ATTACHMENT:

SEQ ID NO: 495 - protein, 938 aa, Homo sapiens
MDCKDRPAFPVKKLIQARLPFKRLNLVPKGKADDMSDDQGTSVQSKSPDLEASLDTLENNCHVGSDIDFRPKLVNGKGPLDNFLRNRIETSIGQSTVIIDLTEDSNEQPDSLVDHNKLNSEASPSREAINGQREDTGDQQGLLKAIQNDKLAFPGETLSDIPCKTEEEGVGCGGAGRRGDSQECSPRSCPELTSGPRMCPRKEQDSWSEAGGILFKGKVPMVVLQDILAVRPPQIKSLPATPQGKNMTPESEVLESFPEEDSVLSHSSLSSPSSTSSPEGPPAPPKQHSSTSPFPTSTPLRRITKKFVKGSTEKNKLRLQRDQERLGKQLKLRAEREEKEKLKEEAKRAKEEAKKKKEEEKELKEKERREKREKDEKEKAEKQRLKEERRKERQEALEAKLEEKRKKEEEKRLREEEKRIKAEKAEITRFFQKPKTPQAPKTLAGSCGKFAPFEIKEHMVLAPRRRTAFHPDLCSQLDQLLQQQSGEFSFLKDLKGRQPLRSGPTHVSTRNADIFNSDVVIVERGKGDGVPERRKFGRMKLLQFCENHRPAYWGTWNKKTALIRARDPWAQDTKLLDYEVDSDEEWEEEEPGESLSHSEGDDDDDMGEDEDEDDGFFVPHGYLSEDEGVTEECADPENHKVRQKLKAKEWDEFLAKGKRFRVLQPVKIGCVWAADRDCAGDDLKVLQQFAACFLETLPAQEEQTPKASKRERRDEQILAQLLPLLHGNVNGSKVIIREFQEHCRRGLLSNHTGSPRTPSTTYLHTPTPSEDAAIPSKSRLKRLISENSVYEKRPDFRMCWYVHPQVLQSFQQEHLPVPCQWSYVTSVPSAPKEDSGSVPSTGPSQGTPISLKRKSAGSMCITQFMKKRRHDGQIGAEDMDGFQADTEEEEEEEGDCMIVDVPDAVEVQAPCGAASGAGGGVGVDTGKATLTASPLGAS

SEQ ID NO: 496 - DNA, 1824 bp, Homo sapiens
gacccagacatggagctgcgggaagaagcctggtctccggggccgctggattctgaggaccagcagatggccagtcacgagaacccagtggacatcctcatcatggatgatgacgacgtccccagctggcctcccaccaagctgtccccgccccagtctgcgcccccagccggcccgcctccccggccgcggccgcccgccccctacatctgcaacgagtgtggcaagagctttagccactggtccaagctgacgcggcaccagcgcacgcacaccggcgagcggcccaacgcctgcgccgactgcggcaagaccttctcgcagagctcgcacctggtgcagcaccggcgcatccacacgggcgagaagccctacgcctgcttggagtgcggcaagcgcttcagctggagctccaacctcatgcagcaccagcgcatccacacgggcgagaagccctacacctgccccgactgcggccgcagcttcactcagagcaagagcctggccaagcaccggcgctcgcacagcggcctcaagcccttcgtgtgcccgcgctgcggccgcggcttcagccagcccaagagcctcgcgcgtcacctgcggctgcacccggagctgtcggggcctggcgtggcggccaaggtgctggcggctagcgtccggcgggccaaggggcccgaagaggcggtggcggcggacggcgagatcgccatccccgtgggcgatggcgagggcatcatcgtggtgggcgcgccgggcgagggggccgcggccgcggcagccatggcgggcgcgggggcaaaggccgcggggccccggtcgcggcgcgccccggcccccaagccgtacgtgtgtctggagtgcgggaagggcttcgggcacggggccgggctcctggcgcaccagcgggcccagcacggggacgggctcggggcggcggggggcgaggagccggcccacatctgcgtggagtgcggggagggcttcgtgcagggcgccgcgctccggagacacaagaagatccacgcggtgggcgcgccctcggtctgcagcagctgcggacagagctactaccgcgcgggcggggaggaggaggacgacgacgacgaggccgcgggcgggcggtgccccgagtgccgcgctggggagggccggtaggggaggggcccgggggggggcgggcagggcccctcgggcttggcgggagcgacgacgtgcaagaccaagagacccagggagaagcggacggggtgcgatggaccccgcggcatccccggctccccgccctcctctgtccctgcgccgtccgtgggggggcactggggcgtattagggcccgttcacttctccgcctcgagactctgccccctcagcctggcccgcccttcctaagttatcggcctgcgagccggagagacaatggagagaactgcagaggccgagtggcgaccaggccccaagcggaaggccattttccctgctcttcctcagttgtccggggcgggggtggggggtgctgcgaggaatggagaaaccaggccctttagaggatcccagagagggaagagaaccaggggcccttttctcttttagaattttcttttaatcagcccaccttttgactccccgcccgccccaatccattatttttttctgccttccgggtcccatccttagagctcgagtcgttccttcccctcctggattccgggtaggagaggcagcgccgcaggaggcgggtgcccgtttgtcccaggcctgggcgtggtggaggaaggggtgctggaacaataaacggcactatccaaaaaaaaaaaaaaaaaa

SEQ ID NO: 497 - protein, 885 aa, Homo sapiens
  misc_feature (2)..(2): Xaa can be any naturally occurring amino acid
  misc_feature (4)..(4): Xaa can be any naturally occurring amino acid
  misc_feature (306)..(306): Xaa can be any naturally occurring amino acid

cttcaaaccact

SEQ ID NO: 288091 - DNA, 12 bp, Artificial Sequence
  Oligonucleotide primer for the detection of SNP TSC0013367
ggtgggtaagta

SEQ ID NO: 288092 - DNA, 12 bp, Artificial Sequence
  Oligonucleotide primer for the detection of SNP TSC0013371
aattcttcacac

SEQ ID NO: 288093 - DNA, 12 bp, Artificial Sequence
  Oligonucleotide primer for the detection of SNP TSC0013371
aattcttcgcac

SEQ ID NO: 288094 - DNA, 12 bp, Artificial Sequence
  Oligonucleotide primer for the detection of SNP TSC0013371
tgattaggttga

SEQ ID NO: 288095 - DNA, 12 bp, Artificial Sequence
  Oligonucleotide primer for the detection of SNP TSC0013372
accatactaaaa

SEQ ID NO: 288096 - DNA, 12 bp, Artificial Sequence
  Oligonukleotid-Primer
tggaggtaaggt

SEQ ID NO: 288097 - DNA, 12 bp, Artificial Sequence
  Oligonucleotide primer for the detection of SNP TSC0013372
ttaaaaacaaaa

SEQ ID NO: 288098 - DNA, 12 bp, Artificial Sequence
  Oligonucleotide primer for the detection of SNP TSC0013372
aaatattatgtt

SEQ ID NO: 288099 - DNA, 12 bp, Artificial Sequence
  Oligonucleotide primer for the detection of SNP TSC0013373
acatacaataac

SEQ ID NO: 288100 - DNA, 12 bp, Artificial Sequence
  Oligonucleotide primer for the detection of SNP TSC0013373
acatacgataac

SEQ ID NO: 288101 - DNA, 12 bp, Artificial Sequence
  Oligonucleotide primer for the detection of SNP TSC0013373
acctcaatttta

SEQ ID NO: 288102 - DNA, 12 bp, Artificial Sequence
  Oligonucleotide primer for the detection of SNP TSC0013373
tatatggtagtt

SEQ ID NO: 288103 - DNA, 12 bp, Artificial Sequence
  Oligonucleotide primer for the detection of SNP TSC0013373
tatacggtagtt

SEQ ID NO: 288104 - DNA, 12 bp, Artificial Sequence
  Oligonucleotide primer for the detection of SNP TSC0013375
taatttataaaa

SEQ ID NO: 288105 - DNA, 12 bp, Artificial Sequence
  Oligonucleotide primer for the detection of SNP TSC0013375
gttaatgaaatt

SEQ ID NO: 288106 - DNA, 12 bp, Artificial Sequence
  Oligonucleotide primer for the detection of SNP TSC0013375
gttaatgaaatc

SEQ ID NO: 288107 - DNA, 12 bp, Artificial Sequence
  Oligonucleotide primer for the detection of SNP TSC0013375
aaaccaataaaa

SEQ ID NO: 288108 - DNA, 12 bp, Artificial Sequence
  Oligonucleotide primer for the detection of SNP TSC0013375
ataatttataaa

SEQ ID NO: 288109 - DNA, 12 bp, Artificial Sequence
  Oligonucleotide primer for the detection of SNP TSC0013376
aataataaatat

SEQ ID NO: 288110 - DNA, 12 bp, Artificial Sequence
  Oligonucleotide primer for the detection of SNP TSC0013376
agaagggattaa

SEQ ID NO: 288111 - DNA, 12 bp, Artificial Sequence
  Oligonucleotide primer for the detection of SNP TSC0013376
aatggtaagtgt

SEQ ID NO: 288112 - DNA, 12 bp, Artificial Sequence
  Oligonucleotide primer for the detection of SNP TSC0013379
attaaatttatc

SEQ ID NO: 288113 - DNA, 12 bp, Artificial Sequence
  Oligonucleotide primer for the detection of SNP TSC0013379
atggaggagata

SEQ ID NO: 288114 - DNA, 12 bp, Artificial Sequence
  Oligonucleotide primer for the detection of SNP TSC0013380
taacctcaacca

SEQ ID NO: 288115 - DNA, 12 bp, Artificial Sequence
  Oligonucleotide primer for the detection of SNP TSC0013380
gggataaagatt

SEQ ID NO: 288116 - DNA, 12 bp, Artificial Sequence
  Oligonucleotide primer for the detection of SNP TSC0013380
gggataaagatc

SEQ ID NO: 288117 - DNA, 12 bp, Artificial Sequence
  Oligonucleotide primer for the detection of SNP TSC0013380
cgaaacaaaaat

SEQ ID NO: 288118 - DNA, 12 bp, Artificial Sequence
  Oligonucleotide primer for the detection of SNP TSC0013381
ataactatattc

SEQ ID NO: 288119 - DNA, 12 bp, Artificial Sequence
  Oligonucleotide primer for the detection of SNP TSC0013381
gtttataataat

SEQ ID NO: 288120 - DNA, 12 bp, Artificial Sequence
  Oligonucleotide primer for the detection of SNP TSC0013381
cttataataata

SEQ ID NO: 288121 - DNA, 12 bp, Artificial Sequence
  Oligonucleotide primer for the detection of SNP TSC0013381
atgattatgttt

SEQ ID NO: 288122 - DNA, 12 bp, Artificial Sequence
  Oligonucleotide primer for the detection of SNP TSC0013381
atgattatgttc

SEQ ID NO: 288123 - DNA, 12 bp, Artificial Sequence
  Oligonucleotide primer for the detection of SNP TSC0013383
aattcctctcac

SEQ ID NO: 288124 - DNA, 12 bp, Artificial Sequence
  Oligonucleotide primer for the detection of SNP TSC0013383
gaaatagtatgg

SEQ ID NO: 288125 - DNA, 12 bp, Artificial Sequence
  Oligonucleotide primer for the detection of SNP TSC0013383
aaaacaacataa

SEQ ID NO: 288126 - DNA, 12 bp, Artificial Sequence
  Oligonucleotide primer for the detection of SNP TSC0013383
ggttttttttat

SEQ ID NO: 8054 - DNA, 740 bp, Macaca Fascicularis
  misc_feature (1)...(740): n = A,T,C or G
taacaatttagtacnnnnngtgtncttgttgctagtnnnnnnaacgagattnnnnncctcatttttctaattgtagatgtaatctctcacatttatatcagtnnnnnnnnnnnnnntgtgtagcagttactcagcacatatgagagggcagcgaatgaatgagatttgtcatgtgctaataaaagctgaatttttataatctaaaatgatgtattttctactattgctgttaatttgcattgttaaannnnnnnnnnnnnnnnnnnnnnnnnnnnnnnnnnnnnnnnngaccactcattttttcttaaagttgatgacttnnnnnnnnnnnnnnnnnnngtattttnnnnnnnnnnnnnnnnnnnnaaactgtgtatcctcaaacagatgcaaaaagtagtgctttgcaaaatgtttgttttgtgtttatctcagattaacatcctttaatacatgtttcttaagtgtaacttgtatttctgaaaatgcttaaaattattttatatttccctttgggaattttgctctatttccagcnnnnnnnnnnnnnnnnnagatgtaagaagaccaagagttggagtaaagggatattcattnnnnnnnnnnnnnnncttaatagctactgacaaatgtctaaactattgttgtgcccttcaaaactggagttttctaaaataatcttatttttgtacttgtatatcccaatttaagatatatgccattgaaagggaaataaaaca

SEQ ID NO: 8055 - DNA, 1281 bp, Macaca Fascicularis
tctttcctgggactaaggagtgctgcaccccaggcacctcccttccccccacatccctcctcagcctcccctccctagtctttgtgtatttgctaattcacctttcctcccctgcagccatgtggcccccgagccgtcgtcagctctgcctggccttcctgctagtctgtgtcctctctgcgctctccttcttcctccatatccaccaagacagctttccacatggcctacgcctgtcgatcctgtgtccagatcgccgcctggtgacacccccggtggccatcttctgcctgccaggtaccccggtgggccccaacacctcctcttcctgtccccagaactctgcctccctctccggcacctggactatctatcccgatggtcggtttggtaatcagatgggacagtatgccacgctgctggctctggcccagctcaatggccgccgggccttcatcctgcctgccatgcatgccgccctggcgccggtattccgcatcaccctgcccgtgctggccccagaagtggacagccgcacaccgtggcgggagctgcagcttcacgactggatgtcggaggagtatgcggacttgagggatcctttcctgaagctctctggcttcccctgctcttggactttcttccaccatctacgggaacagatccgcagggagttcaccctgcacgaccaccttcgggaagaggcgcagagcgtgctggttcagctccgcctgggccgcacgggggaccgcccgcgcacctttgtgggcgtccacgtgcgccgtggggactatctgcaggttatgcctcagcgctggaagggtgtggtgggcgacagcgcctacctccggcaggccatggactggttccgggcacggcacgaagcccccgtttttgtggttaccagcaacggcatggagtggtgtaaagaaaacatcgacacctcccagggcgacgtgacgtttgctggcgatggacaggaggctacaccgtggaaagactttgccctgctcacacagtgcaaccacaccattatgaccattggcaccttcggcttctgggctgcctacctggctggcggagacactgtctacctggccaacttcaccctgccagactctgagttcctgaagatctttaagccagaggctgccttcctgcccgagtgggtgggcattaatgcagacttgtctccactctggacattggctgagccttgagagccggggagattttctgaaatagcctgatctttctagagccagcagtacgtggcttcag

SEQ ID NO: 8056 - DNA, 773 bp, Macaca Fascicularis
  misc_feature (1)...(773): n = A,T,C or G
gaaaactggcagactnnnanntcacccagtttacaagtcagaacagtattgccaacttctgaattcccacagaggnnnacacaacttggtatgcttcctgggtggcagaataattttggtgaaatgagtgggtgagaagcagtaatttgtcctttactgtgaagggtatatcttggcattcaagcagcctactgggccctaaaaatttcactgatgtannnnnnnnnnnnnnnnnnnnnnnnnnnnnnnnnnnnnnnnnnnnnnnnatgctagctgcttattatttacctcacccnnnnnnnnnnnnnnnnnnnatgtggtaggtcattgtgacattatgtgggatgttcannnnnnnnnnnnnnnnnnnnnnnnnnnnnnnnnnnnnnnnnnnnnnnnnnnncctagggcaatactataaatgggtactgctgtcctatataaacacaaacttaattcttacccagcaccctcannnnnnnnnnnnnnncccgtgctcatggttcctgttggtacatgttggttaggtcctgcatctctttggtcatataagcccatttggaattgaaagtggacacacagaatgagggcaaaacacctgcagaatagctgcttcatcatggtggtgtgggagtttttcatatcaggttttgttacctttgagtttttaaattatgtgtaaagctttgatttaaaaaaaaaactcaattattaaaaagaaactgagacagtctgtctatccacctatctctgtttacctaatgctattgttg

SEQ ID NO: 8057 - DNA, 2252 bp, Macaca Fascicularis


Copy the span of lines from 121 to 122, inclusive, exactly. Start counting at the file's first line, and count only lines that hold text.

SEQ ID NO: 8055 - DNA, 1281 bp, Macaca Fascicularis
tctttcctgggactaaggagtgctgcaccccaggcacctcccttccccccacatccctcctcagcctcccctccctagtctttgtgtatttgctaattcacctttcctcccctgcagccatgtggcccccgagccgtcgtcagctctgcctggccttcctgctagtctgtgtcctctctgcgctctccttcttcctccatatccaccaagacagctttccacatggcctacgcctgtcgatcctgtgtccagatcgccgcctggtgacacccccggtggccatcttctgcctgccaggtaccccggtgggccccaacacctcctcttcctgtccccagaactctgcctccctctccggcacctggactatctatcccgatggtcggtttggtaatcagatgggacagtatgccacgctgctggctctggcccagctcaatggccgccgggccttcatcctgcctgccatgcatgccgccctggcgccggtattccgcatcaccctgcccgtgctggccccagaagtggacagccgcacaccgtggcgggagctgcagcttcacgactggatgtcggaggagtatgcggacttgagggatcctttcctgaagctctctggcttcccctgctcttggactttcttccaccatctacgggaacagatccgcagggagttcaccctgcacgaccaccttcgggaagaggcgcagagcgtgctggttcagctccgcctgggccgcacgggggaccgcccgcgcacctttgtgggcgtccacgtgcgccgtggggactatctgcaggttatgcctcagcgctggaagggtgtggtgggcgacagcgcctacctccggcaggccatggactggttccgggcacggcacgaagcccccgtttttgtggttaccagcaacggcatggagtggtgtaaagaaaacatcgacacctcccagggcgacgtgacgtttgctggcgatggacaggaggctacaccgtggaaagactttgccctgctcacacagtgcaaccacaccattatgaccattggcaccttcggcttctgggctgcctacctggctggcggagacactgtctacctggccaacttcaccctgccagactctgagttcctgaagatctttaagccagaggctgccttcctgcccgagtgggtgggcattaatgcagacttgtctccactctggacattggctgagccttgagagccggggagattttctgaaatagcctgatctttctagagccagcagtacgtggcttcag